She lived a classy life. And she died a classy death.
She was a link to the old America, but she was surprisingly aware, even hip.
Ronnie was an elegant woman — perfect hair, nice earrings, beautiful clothes, lipstick and makeup — with a sharp mind and a keen sense of humor who had more friends than anyone I know.
Mom was not the sort to brag about her accomplishments, but she played a big role in life around Annapolis we take for granted today.
She and her husband Tom, my father, helped bring many doctors down from Baltimore to live and practice in backwater Annapolis after World War II and hosted the first fundraiser to expand the downtown hospital. She was one of the founding members of the Hospital Auxiliary, helped found the Book Cart and started the Gray Ladies.
She was a member of the Board of Trustees of the Hammond Harwood House, cared for the house’s world famous Georgian door and led candlelight tours in period costume each Christmas. She was on the Board of the Annapolis Christ Child Society. She helped organize and host the Mint Julep fundraiser that saved the William Paca House. She also started the League of Women Voters in Annapolis and went around the county lobbying for the Marshall Plan to re-build Europe after the War. She was active in the Girl Scouts and helped start the Annapolis YWCA.
She packed a lot into her 92 years of exploration: working in New York City as a model for the Parisian perfume house of Lucien Lelong during World War II; and helping Tom start WANN, the first radio station in Annapolis.
Tom was executive secretary to Gov. Theodore McKeldin, and in eight glorious years assisting him, Ronnie socialized with movie stars like Fred Astaire, Dean Martin, Frank Sinatra and Jimmy Stewart during visits to Southern California. She attended the 1956 Republican Convention at the Cow Palace, in San Francisco, where they were part of President Eisenhower’s inner circle. She traveled on the Queen Elizabeth and the United States to Europe for Grand Tours of the continent. She visited Havana during the Cuban Revolution. She saw the Army-Navy football game in Philadelphia each year and sat in the Governor’s Box at the Preakness. She rode in one of the first cars to cross the newly opened Chesapeake Bay Bridge. She helped welcome President John F. Kennedy and British Prime Minister Harold McMillan at the Little White House in Key West and Queen Elizabeth and the King of Saudi Arabia at Government House.
Mom’s home was her greatest joy. In 1948, she and my father purchased Cliff Edge, overlooking the Severn and the Naval Academy, and she was the gracious hostess to countless guests over 65 years. During the McKeldin years, she hosted Roger Staubach and the Navy Cotton Bowl-winning football team for pool parties. Her house was always open.
My mother never got mad, and she never yelled. But she was as stubborn as a mule, and you were definitely going to do things her way.
Her way did not involve assisted living.
“I will not live with all those old people,” she used to say, up to the day before she fell.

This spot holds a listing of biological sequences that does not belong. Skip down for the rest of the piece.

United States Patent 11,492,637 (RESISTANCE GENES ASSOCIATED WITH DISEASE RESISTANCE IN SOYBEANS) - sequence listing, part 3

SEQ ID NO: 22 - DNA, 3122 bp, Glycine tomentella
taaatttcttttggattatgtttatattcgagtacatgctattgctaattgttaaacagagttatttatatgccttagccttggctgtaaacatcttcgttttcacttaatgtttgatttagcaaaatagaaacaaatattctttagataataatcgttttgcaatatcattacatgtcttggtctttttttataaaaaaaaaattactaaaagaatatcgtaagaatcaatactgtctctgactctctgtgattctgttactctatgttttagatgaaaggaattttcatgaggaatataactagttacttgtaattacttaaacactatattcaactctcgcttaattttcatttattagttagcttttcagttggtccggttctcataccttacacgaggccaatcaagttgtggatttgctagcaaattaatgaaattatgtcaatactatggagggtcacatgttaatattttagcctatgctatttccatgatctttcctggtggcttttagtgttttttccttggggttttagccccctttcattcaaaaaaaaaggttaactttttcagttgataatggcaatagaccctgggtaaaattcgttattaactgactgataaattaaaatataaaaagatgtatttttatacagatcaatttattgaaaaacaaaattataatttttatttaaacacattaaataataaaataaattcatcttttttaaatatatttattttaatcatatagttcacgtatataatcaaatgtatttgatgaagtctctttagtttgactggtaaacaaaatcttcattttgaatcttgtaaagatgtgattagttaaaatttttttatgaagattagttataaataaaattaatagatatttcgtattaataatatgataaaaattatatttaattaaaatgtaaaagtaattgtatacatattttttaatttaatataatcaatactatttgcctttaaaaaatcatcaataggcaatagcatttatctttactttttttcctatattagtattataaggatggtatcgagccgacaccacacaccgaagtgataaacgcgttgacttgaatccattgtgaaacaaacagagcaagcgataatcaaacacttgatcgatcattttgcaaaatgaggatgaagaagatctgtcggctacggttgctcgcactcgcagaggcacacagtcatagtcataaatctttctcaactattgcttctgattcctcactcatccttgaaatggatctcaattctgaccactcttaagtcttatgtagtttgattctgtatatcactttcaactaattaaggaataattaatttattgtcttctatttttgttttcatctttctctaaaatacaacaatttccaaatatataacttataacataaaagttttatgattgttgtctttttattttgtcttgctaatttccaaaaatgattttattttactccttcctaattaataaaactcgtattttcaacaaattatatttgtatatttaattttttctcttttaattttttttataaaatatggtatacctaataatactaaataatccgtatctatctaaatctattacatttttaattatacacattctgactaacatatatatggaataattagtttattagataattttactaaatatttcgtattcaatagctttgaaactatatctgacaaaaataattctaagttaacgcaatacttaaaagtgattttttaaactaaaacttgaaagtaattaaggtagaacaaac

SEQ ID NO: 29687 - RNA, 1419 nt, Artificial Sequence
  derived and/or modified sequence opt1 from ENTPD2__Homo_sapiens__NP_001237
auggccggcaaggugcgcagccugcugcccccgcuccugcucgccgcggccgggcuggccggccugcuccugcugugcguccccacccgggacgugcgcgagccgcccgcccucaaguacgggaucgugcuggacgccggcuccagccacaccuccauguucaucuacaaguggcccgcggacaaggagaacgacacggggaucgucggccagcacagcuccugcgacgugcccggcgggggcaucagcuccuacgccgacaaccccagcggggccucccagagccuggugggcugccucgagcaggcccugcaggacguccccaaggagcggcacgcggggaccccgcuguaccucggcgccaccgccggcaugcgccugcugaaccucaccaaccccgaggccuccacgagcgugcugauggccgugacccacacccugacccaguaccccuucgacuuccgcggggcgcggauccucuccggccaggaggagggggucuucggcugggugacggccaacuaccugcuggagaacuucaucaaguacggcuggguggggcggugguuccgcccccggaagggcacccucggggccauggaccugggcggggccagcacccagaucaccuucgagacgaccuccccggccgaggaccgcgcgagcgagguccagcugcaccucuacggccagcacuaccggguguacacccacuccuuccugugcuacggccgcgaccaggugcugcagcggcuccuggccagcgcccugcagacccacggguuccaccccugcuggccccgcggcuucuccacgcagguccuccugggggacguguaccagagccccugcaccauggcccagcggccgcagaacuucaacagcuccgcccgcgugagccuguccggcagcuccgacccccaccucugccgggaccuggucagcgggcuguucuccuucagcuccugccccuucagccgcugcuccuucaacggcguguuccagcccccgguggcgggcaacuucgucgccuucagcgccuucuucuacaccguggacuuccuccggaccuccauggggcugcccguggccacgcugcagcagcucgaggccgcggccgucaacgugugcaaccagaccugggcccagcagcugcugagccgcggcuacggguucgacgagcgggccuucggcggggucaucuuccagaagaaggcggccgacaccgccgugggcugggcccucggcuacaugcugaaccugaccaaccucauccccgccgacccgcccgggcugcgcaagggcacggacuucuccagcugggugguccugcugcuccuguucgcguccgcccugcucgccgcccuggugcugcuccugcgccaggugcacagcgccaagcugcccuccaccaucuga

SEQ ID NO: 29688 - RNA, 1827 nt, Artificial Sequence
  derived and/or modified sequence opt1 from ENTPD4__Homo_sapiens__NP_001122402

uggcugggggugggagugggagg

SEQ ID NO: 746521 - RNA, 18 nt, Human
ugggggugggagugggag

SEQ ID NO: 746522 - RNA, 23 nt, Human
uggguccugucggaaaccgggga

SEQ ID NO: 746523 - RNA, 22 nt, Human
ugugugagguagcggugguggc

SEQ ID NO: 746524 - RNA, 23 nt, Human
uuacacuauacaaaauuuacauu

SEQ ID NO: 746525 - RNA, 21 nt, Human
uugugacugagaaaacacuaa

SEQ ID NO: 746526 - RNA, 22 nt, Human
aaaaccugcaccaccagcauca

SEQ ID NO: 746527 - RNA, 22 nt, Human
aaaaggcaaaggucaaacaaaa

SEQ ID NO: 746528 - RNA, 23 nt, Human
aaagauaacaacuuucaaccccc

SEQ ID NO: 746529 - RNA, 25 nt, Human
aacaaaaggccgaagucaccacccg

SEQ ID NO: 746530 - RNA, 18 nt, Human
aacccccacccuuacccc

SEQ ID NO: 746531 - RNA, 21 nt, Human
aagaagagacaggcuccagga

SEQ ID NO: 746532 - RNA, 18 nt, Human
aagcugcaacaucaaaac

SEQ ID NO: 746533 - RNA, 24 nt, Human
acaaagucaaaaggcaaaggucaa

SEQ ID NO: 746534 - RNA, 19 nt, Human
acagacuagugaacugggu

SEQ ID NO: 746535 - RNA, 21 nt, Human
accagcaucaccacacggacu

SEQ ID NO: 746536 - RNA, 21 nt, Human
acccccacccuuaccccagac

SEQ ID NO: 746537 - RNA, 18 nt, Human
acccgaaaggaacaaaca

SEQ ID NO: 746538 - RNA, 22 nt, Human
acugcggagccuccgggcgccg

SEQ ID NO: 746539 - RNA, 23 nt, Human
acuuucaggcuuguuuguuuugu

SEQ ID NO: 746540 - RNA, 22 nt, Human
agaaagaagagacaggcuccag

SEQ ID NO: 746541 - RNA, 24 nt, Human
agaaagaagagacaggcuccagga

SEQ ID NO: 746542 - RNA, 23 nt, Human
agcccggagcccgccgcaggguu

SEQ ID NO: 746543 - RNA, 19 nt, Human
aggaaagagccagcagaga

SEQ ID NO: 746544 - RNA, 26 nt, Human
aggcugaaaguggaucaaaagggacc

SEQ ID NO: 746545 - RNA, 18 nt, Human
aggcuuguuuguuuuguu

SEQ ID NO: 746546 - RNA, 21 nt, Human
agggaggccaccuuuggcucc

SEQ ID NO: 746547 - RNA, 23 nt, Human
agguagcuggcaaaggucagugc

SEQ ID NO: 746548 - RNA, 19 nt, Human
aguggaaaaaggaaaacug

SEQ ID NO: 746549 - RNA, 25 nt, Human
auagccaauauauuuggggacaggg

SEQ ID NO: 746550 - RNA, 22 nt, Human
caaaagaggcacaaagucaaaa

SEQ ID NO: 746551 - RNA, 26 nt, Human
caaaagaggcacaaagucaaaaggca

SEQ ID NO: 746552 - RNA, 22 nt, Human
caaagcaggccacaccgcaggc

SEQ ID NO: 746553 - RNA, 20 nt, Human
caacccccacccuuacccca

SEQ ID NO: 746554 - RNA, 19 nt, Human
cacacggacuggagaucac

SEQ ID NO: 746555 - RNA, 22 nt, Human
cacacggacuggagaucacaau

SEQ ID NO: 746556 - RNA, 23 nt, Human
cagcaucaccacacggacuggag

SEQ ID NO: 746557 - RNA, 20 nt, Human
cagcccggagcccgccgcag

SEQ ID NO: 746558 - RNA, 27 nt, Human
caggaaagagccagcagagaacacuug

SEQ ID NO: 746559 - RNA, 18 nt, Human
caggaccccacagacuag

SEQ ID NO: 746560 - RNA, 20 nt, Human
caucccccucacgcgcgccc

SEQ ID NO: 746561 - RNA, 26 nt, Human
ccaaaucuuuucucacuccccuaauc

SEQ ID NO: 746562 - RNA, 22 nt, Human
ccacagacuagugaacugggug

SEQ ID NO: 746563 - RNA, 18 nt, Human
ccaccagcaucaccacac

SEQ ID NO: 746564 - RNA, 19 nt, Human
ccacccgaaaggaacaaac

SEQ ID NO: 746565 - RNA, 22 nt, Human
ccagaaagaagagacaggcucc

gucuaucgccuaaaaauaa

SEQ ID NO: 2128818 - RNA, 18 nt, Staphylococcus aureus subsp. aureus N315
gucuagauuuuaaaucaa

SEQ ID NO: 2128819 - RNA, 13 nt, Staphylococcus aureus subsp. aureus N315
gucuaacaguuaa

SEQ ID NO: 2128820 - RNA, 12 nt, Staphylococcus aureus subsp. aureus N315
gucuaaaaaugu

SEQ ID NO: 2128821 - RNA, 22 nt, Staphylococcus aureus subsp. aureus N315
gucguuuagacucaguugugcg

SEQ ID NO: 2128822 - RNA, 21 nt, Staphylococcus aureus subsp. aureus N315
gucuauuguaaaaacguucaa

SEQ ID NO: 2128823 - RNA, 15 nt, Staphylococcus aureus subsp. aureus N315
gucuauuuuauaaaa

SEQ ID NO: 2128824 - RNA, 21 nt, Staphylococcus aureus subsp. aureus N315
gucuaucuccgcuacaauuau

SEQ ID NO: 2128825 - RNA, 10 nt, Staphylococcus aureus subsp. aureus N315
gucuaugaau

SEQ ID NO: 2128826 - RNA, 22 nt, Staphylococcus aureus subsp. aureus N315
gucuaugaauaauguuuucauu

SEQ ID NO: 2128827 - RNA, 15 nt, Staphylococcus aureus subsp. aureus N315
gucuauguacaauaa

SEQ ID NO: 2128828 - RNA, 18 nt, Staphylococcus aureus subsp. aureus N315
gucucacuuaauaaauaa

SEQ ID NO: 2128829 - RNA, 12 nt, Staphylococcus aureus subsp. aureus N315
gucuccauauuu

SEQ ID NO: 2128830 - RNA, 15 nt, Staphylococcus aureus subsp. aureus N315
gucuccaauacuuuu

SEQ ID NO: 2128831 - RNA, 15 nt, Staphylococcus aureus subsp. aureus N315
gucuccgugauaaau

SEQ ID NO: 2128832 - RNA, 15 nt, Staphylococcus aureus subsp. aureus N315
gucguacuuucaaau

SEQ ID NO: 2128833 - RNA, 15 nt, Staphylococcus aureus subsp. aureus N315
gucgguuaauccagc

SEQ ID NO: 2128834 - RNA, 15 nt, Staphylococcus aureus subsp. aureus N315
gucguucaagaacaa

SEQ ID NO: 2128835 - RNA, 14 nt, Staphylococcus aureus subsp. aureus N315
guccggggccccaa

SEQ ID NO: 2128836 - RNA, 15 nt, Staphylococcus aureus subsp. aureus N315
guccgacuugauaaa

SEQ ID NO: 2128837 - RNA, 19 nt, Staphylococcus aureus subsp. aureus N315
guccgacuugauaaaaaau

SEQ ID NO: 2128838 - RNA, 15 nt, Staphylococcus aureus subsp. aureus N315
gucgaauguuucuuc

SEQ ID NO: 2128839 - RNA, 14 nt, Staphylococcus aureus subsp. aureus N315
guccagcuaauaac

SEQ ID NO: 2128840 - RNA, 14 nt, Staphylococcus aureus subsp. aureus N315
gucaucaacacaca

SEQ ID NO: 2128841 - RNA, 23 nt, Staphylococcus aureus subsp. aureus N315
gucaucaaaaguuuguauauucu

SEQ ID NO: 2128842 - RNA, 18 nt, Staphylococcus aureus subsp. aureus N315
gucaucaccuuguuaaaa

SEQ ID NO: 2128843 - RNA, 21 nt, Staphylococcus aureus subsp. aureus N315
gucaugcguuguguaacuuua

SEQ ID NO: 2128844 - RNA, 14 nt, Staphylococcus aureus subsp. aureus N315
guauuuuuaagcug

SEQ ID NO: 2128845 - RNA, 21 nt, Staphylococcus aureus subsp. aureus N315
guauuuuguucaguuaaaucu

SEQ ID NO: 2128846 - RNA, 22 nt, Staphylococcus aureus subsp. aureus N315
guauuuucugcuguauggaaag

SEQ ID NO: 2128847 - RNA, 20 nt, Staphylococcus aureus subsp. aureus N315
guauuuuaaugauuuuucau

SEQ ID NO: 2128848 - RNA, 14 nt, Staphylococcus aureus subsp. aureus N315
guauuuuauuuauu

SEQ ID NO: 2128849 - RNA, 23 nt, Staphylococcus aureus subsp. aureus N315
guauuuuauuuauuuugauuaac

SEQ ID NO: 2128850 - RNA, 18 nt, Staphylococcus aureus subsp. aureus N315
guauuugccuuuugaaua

I was with her that day for about four hours. We watched the British Open, and she cheered for favorite son Phil Michelson. We talked about politics. She had switched to Democrat in 2006, after being a lifelong Republican. She always loved hearing the latest political gossip.
And she told me that she was eternally grateful that I had let her stay in her house, even after many of her friends warned me that I was crazy to let someone so old live alone in that big house.
She knew she was going to fall because she had already taken a few spills, but she wanted to do it in her own home.
In her final years, she loved seeing her tulip magnolias in purple bloom, and watching the boats on the Severn River, the sun shining like diamonds on the water and the twinkling lights on the Academy Bridge as she fell asleep each night.
But she also told me she was really tired. Everything now seemed to take her forever to do. My mother was finally running out of gas, and she knew she wasn’t going to be able to live alone in her house much longer.
As I look back on that last day with her, I am pretty sure she was saying goodbye. My mother loved a good show, and I think she felt that it was time for her to leave the stage.
She fell out of bed the next morning and died nine days later.
In those wonderfully terrible days, she said goodbye to many of her friends, and she and I reminisced about old times for hours on end.
Her memory was still amazing.
When given the final choice, as the pneumonia took hold, she asked me to set her free. She was ready.
She told me the day we started the morphine, “I’m all used up. I just want to go to sleep.”
In the end, she died with great grace and dignity.
We should all be so lucky.
A Hopi Prayer
Do not stand at my grave and weep.
I am not there. I do not sleep.
I am a thousand winds that blow.
I am the diamond glints on snow.
I am the sunlight on ripened grain.
I am the gentle autumn rain.
When you waken in the morning’s hush
I am the swift uplifting rush.
Of quiet white doves in circled flight,
I am the soft stars that shine at night.
Do not stand at my grave and cry;
I am not there, I did not die.
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